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NCUA Plans Regional Realignment in 2014
Friday, July 19, 2013 6:30 AM

The National Credit Union Administration announces a realignment of the agency’s regional supervision of federally insured credit unions in nine states, effective Jan. 1, 2014. The adjustment results from NCUA’s ongoing efforts to operate as efficiently as possible.

“We continually monitor our regional workload and, when necessary, make adjustments to distribute exam hours proportionally,” NCUA Board Chairman Debbie Matz said. “Several years ago, NCUA moved California, Nevada and several individual credit unions, for supervision purposes, to different regions. Now that the economic downturn has ended, with the economy gaining strength and with the credit union industry generally performing well, we are reconfiguring our regions to create geographically compact districts that better balance workload, improve efficiency and reduce travel costs by more than $900,000 per year.”

Effective January 1, 2014, the following nine states will shift regions as follows:




​Region V

​​Region IV

Colorado, Montana, New Mexico, Wyoming

​Region IV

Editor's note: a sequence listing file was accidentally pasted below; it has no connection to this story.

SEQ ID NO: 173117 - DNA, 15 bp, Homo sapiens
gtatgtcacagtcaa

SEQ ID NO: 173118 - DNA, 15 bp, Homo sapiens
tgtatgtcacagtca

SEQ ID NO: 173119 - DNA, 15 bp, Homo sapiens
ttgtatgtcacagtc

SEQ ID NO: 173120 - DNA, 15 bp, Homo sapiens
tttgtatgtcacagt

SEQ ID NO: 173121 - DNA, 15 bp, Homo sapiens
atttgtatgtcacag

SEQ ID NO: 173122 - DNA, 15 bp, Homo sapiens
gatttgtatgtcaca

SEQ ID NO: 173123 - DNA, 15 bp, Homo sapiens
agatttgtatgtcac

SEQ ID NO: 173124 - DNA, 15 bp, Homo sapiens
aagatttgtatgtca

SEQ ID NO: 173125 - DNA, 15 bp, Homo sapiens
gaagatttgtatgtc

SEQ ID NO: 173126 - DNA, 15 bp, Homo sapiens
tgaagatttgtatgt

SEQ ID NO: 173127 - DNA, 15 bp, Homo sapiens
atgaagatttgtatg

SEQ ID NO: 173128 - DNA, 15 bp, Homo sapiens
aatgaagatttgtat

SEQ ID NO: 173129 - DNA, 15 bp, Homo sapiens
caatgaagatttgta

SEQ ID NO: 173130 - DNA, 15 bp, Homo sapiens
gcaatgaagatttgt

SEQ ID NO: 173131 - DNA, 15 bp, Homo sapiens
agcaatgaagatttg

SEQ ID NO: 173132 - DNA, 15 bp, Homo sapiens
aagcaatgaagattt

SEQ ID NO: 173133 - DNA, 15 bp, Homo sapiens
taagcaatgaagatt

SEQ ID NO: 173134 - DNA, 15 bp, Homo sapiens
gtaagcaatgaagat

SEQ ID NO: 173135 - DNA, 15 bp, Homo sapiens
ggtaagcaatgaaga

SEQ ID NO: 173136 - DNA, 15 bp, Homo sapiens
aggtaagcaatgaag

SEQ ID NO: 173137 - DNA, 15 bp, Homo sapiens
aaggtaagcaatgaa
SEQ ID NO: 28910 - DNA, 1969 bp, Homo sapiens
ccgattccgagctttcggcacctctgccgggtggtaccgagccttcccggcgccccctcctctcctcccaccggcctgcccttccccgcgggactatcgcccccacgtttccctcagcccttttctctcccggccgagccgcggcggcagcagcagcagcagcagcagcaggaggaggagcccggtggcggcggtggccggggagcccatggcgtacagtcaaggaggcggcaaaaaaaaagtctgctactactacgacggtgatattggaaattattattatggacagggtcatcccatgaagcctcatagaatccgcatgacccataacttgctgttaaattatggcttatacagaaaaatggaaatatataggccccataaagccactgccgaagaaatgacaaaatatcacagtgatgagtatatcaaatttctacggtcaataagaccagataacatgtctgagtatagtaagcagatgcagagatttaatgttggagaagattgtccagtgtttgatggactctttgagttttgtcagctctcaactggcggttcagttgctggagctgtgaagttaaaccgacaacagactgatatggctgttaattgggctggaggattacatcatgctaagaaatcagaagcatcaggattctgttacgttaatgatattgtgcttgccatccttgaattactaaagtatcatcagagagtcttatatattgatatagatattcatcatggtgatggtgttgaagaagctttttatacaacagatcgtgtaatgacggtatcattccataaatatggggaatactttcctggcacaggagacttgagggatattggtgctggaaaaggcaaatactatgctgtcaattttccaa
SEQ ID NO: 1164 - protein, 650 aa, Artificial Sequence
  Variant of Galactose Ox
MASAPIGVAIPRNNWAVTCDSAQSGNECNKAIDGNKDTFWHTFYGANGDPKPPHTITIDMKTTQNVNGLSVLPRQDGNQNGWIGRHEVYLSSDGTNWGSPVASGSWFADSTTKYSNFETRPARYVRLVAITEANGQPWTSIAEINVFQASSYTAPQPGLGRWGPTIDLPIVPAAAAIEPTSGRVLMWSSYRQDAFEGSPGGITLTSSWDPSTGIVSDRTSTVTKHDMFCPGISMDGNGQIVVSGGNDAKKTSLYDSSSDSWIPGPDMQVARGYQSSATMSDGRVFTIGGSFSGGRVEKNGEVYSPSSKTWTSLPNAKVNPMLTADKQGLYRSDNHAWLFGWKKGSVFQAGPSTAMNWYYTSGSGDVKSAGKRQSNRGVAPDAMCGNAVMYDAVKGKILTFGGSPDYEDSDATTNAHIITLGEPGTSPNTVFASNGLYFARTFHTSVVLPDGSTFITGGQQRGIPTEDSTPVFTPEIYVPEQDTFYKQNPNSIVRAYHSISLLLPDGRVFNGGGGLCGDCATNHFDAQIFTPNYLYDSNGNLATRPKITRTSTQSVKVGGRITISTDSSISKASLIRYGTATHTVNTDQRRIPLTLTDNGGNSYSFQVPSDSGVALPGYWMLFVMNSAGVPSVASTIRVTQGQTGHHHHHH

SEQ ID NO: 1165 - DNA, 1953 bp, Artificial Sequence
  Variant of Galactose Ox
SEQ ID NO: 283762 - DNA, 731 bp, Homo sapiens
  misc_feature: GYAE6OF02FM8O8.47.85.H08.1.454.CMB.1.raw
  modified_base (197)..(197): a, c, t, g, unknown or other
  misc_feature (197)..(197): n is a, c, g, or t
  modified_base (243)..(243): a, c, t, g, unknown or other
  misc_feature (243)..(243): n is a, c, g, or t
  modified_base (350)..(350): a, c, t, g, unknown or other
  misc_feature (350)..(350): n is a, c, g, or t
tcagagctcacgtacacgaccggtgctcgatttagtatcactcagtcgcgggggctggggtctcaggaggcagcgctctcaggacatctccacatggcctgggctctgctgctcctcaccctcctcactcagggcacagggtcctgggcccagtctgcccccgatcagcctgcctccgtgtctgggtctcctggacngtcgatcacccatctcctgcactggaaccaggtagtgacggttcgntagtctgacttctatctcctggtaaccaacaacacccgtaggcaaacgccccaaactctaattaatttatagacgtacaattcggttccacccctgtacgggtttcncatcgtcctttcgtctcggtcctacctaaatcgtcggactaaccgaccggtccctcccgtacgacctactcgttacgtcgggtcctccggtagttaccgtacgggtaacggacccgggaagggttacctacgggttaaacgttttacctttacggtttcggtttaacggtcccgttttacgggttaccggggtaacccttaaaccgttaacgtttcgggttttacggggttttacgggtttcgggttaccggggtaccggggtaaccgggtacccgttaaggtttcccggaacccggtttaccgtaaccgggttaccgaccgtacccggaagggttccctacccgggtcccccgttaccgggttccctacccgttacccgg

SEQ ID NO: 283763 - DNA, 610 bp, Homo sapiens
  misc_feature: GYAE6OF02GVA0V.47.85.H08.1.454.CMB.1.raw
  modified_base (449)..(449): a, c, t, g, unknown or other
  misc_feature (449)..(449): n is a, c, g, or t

​Region III

​Louisiana, Arkansas

​Region IV

​Region I


​Region III

​Region II


​Region II

​Region V


The return of California to NCUA’s Region V is a “return to normal” Matz added. NCUA transferred oversight of California’s federally insured credit unions from Region V to Region II in 2010. Previously, NCUA reassigned oversight of Nevada’s federally insured credit unions between 2009 and 2012. Region V resumed supervision in Nevada at the start of 2013.

The implementation of the new regional structure coincides with other changes to strengthen supervision. At the start of 2013, NCUA reorganized existing resources to create an Office of National Examinations and Supervision. The office will begin supervising the nation’s largest consumer credit unions, those with more than $10 billion in assets, at the start of 2014.

The realignment is the product of several months’ work to balance the workload and staffing, and respond to changes in the industry resulting from industry mergers.

Each NCUA region will now have between 114 and 128 examiners, in addition to supervision, special actions and support personnel. NCUA expects the shift to be completed with a minimal disruption to staff and to credit unions, and no staff relocations will be necessary.